The host would open his home to anyone to witness the meal as a way of showing how great he was at hospitality. In his mind, “Anyone is welcome to watch me put on a great dinner, but only a few are worthy of dining with me.”
And so what does Jesus do? He speaks to one of the uninvited men in the corner, a man who likely wanted to just be in the presence of Jesus, knowing full and well that Jesus had no social obligation to even look his way. But deep down there was hope that maybe, just maybe Jesus would look his at him…
And Jesus doesn’t just look his way, but goes as far as healing him. The pain, the years of suffering are washed away by this miracle, and this man is given his life again. And if you haven’t figured it out yet: Jesus isn’t acting like a typical guest.
Jesus as Host 2-Gives Guests Advice
And so, this is what has happened once our reading picks back up at verse 7, and then Jesus proceeds to take over the role of the host completely.
He saw how the guests came into the room, positioning themselves in the places of honor-not even noticing the men and women in the background- and so he tells them a parable; the parable we heard today about what to do when you are invited to a wedding banquet.
It sounds more like practical advice than one of Jesus’ typical parables, but in fact it is a retelling of our proverb this morning. Where the proverb talks about entering a king’s presence, Jesus uses the image of a wedding banquet. Instead of being put lower in the presence of a noble like our proverb says, Jesus speaks of a wedding host.
Proverbs 25 had so much more depth than simply being practical advice when one enters the presence of a king, and Jesus wanted to show everyone there that it had meaning in their situation too.
So when Jesus says, “When you are invited, go and sit down at the lowest place” he didn’t mean the lowest place at the table. The far end of that U-shaped dining table was not low enough, go further.
He was telling everyone there, Go sit at the edge of the room with the poor, the sick, the outcasts who didn’t even have a chance of being invited. Go sit with them and from your humble awareness that they are just as important as anyone else in the room, then and only then, would the host honor you and invite you to dine with him at the table.
Jesus is telling his religious colleagues, the people who took their faith very seriously, that no matter where you stand socially, no matter if you deserve to sit right next to the host, you must be willing to lower yourself and sit with the outsider.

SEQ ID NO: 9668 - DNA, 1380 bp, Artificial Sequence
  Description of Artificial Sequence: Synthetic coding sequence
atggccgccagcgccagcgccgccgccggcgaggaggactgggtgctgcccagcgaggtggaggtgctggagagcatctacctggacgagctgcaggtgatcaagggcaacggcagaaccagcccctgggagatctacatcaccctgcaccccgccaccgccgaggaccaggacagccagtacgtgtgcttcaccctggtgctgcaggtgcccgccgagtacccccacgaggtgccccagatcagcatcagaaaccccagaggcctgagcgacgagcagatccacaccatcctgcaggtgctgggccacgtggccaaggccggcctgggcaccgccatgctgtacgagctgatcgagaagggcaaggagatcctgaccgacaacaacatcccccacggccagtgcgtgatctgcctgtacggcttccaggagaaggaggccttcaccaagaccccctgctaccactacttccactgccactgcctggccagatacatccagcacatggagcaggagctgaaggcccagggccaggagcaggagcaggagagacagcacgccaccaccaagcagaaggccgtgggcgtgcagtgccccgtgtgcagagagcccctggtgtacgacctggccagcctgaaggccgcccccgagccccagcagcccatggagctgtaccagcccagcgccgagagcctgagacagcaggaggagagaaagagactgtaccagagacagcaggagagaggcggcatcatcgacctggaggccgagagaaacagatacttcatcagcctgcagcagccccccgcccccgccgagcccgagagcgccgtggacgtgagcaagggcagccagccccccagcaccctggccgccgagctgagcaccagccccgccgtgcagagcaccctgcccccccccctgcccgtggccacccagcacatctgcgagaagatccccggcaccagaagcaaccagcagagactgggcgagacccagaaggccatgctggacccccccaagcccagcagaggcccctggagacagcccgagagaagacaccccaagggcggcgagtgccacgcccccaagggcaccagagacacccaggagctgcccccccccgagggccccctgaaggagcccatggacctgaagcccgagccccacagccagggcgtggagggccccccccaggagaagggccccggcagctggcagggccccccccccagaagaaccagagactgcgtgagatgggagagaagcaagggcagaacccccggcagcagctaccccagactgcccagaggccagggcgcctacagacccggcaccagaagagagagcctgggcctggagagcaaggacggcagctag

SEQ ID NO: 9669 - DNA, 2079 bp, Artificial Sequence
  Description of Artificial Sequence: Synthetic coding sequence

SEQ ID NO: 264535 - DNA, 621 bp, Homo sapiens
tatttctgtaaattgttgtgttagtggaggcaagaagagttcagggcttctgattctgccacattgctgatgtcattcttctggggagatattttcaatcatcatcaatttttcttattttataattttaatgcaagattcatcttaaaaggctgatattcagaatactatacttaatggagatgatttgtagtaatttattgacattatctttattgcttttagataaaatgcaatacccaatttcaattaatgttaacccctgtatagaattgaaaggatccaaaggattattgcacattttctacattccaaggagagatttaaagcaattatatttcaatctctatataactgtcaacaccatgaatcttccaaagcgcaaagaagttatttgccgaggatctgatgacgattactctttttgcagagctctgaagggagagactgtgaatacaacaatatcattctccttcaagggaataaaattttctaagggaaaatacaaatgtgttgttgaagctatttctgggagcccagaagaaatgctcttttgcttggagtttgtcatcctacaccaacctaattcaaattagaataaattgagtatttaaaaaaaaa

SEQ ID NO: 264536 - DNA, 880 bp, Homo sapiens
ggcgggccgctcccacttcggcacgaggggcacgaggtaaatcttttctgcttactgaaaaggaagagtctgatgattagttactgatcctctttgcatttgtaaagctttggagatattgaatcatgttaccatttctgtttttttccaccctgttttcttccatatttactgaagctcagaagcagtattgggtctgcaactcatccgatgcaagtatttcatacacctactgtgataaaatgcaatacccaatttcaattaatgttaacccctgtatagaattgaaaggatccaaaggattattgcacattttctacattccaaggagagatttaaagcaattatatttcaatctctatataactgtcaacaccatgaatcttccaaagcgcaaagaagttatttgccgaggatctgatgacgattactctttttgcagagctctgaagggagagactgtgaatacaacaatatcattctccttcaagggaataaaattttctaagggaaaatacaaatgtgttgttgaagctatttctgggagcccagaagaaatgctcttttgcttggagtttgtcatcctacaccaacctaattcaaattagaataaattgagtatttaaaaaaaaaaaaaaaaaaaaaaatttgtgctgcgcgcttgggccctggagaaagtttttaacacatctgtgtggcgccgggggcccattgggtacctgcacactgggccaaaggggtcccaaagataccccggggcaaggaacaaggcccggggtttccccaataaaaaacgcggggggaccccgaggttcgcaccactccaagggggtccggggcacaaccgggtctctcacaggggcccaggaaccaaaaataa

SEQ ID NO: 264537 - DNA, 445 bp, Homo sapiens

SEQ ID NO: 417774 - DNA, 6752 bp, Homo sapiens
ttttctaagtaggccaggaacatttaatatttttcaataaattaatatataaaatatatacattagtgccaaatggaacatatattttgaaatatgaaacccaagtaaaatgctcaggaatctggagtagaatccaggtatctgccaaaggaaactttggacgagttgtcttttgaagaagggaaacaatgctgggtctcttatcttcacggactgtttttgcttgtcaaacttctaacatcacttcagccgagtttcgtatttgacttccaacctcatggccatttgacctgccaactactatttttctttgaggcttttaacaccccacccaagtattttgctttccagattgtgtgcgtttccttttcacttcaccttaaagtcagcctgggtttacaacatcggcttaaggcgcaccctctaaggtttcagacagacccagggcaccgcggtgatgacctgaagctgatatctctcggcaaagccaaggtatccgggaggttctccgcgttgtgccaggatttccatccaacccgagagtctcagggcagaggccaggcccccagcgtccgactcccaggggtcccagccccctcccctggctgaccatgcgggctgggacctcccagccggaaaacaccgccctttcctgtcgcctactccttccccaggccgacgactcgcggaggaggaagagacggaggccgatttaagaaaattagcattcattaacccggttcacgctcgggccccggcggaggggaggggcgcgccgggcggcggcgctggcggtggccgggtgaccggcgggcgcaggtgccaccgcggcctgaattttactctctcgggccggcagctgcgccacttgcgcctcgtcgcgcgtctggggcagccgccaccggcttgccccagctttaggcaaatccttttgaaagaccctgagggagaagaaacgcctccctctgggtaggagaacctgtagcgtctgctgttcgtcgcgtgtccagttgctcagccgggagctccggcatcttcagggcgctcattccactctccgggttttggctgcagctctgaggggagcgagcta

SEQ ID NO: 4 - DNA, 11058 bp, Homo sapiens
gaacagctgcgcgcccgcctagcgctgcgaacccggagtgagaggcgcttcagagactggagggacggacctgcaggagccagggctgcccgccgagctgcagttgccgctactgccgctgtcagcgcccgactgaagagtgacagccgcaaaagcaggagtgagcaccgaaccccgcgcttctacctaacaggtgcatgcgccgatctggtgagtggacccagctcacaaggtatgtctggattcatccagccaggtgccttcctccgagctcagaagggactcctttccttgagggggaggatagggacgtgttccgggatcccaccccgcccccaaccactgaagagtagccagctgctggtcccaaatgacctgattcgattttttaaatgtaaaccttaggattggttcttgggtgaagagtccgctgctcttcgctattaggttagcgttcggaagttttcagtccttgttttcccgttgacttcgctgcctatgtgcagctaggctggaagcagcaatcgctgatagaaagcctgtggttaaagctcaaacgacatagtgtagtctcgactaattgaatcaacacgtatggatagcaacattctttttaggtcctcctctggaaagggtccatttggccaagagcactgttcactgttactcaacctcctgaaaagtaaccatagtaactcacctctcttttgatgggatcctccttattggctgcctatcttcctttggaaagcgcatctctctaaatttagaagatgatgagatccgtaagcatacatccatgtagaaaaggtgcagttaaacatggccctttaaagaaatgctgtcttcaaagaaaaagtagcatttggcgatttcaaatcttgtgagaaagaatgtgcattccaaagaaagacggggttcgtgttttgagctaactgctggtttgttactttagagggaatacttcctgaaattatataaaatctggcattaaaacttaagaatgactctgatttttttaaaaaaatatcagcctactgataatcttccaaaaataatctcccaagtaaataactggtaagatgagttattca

Jesus as Host 3-Gives Host Advice
The third and last thing Jesus does wrong in the eyes of the dinner party is give some hosting advice to the host. He tells him, the next time you put one of these parties on, invite the people who are sitting behind us right now. Invite the people begging on the streets, invite “the poor, the crippled, the lame, and the blind.”
Jesus lives out this advice through his interaction and healing of the man with dropsy. As the new host, Jesus really outdoes the hospitality of the actual host. Jesus the host does something greater for the man with dropsy than inviting him to eat with a few people.
Instead Jesus has given the gift of being seen…truly seen by God Incarnate Himself. The man is known and healed by his Creator.
Jesus is showing the host, his guests, and the outsiders sitting at the edge of the room what God’s kingdom truly looks like. That it is radically different from anything they have ever experienced.
The way of social status, power, and wealth will not hold value in God’s kingdom. No, in fact, the values we’ve come to appreciate and admire most in our society, will ultimately be turned upside down. “For all who exalt themselves will be humbled, and those who humble themselves will be exalted.”
Our lesson ends in a kind of poetic irony, a beautiful irony though. Like I said earlier, the original farmers and shepherds who passed down the proverbs were simple folks deeply connected to the land. When they heard Proverbs 25 they had no dream of ever being in the presence of a king, let alone for him to see them, to really see them, and to invite them to enter into his new kingdom as if he had been waiting to personally invite them all along.
The man who was healed likely heard his parents tell him Proverbs 25 a few times when he was a boy. Maybe he dreamed of being welcomed by a king, or more likely yearned to just be invited to a local leader’s house for a Sabbath dinner.
The proverb did in fact come true for the man Jesus healed. He was able to stand in the presence of the King of kings, and to be called from his lowly, humble place to being healed and exalted in the presence of all.
Do you need to be healed or restored? Our Lord sees you, and is inviting you to the table…Or… Do you feel disconnected from the most vulnerable in our local community?
Jesus has given us a model for ministry, and shown us what he, as the true King and Host, really values. He has taught us through this passage that we must be bold in HOW we love, and generous in WHO we love.
I think that is something we can all focus on in the days ahead-finding ways to show love and compassion to someone who really needs it.
At least that’s what I think it means to be a good dinner guest at Jesus’ table.
(12 Pent. Proper 17. Track II. Year C. Prov. 25:6-7. Lk 14:1,7-14. Based on Sermon #69.)